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U.S.-led strikes target al Qaeda haven

Members of a U.S. Marine expeditionary unit roll through Haji Deh, a small village south of Kandahar, Afghanistan.
Members of a U.S. Marine expeditionary unit roll through Haji Deh, a small village south of Kandahar, Afghanistan.  


WASHINGTON (CNN) -- U.S.-led airstrikes Monday focused on an Afghan province long considered an al Qaeda stronghold, a Pentagon spokesman said.

U.S. and coalition warplanes launched intensive raids on targets near the Pakistani border town of Miram Shah over the weekend and into Monday. U.S. forces have been trying to prevent Taliban and al Qaeda fighters from either regrouping or fleeing to Pakistan.

Raids also concentrated on the area around the city of Khowst, about 70 miles (110 kilometers) southwest of Jalalabad, where Osama bin Laden's al Qaeda network operated a training and supply camp at Zawara.

"Paktia province had previously been a support haven of al Qaeda and the Taliban," said Rear Adm. John Stufflebeem, a Pentagon spokesman. "There are obviously still al Qaeda and pro-Taliban that are loose there, and we're continuing to find them, and we're continuing to strike their equipment as we've found them."

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Map:U.S. targets Miram Shah, Khowst 
 
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A Green Beret sergeant was killed Friday in an ambush in the same region near the Pakistani border.

A steady string of bombing runs near Miram Shah has been reported since 4 p.m. Sunday (6:30 a.m. EST). People in the region said they suspect that some al Qaeda or Taliban members may be hiding in the Zawara area, and intelligence reports continue to provide evidence of al Qaeda in the region, U.S. officials said.

"This also is an area that we did not previously have a lot of anti-Taliban coordination or connection with as we had initially in the north and as we have seen around Kandahar," Stufflebeem said. "So to say it's a more dangerous area than the others right now is probably accurate."

Bin Laden used the Zawara camp in the past, but Stufflebeem declined to say whether the al Qaeda leader had been there recently. The spokesman said the Pentagon was "stepping back" from speculation about the whereabouts of Taliban leader Mullah Mohammed Omar or bin Laden.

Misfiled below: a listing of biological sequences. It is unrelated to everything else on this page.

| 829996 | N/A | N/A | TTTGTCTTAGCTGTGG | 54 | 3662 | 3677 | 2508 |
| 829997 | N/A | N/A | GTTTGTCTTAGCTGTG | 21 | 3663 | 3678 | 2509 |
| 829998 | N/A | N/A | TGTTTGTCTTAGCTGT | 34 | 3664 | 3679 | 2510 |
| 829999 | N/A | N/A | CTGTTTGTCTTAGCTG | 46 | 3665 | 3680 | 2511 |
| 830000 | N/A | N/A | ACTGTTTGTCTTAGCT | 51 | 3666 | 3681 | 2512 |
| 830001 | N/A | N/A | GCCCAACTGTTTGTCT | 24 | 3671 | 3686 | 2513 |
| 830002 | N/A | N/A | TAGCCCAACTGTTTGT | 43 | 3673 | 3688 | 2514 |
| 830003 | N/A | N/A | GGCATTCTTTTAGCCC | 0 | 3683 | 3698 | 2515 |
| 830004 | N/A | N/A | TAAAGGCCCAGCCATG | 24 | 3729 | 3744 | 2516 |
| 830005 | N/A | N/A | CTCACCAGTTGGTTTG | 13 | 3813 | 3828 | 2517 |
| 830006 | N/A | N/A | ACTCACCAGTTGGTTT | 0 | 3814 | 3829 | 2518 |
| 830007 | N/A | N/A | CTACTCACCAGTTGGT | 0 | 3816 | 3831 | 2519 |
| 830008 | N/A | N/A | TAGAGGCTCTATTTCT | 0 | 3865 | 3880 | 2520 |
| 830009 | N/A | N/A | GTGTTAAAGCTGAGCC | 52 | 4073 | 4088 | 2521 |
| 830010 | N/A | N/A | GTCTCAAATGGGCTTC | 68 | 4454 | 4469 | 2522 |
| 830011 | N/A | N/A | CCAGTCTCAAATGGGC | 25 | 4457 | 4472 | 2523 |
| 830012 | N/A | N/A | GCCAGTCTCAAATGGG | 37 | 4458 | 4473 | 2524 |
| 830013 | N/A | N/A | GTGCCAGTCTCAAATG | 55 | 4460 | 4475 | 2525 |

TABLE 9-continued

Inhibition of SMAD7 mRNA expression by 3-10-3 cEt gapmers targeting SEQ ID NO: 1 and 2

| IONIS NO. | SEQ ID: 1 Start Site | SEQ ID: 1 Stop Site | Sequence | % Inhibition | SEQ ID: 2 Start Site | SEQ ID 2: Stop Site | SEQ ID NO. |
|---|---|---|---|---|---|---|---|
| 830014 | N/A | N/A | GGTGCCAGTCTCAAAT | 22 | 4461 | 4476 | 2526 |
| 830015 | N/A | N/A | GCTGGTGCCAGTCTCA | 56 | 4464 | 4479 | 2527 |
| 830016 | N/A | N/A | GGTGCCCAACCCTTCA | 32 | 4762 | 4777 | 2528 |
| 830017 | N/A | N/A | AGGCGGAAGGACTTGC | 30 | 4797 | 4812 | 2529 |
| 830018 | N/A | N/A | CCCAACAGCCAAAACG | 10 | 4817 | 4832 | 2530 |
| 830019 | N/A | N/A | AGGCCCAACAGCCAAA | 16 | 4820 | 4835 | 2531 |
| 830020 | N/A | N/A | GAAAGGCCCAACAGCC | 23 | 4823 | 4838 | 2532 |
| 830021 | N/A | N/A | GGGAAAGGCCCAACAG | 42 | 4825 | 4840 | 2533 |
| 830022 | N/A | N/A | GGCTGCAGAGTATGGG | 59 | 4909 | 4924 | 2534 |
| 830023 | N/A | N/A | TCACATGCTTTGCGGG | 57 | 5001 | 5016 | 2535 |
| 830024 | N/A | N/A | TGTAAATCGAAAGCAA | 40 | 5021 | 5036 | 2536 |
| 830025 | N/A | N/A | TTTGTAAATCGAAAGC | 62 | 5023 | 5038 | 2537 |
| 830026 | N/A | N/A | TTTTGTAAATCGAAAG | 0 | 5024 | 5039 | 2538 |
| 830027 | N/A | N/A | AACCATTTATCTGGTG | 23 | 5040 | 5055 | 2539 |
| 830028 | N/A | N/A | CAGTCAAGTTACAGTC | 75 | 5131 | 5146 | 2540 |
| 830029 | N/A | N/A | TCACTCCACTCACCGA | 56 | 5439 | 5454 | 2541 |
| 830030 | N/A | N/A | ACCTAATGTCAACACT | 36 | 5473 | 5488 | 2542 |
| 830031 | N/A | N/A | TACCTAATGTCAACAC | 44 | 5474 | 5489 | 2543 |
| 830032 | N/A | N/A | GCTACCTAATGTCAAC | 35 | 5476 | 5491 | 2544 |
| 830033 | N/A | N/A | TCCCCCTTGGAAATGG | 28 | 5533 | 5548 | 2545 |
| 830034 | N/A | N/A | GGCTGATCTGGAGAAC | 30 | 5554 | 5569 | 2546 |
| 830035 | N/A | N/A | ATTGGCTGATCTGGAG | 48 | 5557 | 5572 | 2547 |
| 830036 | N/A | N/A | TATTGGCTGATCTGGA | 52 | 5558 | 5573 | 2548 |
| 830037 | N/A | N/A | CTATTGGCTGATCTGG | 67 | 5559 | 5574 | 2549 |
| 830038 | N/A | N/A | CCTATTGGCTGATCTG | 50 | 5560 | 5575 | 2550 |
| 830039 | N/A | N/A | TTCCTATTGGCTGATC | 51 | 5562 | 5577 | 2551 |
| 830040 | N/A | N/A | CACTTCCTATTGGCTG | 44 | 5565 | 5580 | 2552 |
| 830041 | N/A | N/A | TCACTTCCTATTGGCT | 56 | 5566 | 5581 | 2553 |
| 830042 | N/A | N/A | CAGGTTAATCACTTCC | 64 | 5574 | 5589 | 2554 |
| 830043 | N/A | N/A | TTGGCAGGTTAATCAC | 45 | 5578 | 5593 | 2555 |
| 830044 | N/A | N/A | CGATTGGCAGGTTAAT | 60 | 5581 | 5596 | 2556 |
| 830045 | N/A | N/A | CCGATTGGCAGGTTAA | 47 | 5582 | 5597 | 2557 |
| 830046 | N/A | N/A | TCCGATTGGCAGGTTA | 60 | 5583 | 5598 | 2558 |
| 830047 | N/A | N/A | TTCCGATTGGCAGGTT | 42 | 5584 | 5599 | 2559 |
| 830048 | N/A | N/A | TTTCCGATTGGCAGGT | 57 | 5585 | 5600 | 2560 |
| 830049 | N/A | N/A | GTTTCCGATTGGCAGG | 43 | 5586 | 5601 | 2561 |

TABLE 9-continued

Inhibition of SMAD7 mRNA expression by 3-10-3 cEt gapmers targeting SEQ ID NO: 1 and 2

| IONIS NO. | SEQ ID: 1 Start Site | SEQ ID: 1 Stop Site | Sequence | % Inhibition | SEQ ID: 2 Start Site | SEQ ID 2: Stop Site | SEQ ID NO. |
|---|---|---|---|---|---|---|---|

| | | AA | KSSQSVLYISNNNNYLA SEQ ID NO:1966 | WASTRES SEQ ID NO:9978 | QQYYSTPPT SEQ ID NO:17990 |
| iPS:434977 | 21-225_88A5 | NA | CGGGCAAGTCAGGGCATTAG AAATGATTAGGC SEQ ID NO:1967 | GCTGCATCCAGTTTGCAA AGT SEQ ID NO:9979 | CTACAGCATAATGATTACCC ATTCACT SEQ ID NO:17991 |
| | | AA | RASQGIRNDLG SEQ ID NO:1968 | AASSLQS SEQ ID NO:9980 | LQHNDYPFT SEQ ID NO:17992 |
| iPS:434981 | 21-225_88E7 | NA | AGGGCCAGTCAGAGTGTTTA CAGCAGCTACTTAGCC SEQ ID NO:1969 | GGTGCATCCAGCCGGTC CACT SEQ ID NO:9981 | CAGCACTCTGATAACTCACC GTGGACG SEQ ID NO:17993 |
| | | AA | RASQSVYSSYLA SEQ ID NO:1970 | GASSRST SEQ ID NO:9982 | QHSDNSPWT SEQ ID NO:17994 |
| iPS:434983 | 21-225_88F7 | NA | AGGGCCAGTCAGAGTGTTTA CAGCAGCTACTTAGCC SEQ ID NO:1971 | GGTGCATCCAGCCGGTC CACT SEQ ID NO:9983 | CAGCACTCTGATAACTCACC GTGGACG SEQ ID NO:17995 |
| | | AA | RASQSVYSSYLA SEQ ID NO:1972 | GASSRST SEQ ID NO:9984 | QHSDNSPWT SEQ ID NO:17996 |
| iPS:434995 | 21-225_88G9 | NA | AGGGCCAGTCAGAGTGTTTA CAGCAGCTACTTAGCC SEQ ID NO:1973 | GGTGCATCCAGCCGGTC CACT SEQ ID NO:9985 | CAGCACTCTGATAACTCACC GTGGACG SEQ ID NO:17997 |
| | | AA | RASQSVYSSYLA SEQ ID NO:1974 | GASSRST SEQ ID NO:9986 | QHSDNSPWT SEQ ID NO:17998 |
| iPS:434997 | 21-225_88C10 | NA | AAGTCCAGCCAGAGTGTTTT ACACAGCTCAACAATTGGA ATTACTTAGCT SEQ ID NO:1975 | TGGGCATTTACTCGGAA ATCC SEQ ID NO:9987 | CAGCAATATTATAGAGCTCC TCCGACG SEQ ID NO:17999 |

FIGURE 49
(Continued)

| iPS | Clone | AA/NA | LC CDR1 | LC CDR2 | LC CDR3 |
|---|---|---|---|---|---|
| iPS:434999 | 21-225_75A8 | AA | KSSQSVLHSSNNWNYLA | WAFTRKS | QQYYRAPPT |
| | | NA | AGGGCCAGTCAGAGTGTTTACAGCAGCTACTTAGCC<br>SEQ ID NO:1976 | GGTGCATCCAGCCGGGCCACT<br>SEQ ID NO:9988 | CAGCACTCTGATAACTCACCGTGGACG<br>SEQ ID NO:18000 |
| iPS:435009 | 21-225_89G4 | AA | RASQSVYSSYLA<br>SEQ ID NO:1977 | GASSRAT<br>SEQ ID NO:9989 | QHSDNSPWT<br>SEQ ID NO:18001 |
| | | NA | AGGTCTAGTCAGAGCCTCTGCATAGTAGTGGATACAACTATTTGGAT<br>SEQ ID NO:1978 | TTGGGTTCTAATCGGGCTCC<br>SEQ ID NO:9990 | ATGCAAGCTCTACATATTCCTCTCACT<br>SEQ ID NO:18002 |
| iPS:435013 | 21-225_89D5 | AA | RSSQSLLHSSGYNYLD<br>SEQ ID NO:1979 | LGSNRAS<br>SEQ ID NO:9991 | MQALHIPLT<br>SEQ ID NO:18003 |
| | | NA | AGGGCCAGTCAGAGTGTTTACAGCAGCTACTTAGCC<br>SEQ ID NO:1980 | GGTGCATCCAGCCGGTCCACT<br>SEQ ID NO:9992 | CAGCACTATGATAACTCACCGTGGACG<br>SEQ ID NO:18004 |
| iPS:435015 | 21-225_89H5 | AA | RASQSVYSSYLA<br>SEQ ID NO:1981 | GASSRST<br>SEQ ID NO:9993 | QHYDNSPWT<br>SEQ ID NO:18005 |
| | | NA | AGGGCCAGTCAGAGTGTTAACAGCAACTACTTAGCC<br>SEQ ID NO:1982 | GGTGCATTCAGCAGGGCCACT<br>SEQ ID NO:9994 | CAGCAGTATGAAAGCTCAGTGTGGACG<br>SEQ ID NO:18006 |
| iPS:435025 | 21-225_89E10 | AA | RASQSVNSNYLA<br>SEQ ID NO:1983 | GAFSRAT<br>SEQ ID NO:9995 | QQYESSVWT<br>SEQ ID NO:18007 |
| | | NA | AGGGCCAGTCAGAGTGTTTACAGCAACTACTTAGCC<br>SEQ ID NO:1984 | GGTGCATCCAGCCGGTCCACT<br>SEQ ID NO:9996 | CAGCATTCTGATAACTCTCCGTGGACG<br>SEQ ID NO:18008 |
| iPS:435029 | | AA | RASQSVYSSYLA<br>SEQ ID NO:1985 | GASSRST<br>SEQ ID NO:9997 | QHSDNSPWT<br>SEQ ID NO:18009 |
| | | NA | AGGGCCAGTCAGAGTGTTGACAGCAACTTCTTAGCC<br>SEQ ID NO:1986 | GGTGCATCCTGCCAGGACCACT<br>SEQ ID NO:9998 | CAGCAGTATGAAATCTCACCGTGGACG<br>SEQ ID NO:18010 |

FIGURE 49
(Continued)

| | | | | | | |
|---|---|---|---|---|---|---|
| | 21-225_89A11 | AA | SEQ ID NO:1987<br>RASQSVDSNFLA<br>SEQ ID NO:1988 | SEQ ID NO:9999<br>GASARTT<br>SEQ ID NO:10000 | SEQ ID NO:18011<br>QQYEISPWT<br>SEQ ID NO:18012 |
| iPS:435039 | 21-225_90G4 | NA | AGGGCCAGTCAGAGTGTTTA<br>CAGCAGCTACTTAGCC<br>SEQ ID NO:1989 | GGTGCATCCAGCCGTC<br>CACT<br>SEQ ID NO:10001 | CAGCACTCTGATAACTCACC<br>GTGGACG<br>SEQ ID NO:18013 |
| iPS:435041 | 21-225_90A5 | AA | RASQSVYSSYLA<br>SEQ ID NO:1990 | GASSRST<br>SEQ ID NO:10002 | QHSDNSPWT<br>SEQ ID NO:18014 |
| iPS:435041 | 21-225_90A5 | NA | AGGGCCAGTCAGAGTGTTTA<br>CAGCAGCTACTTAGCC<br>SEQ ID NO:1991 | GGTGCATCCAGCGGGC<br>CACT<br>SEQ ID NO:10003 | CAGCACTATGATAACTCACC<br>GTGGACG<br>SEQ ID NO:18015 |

"We are going to stop chasing, if you will, the shadows of where we thought he was and focus more on the entire picture of the country, where these pockets of resistance are," Stufflebeem said.

The most recent airstrikes involved Navy F/A-18s and F-16s striking al Qaeda machine-gun emplacements and artillery pieces spotted at Khowst and raids by heavy bombers and AC-130 gunships on the area. Combat helicopters also were taking part, indicating the involvement of U.S. Special Forces.

The Pentagon said airstrikes were ordered against the training camp area after U.S. Marines found tanks and armored personnel carriers in surrounding cave entrances.

U.S. forces also appear to have beefed up their presence around Jalalabad. U.S. military helicopters have been seen taking off from the airport into the Tora Bora region over the past two days, and at least 20 U.S. military all-terrain vehicles were seen going up to Tora Bora on Sunday.

Tora Bora was the target of extensive U.S. attacks in December as anti-Taliban forces battled al Qaeda fighters in the hills. Villagers said targets in the Tora Bora region and the White Mountains were bombed Saturday and Sunday.

-- CNN Correspondents Barbara Starr, Bill Hemmer, Kamal Hyder and producer Ingrid Formanek contributed to this report.



 
 
 
 



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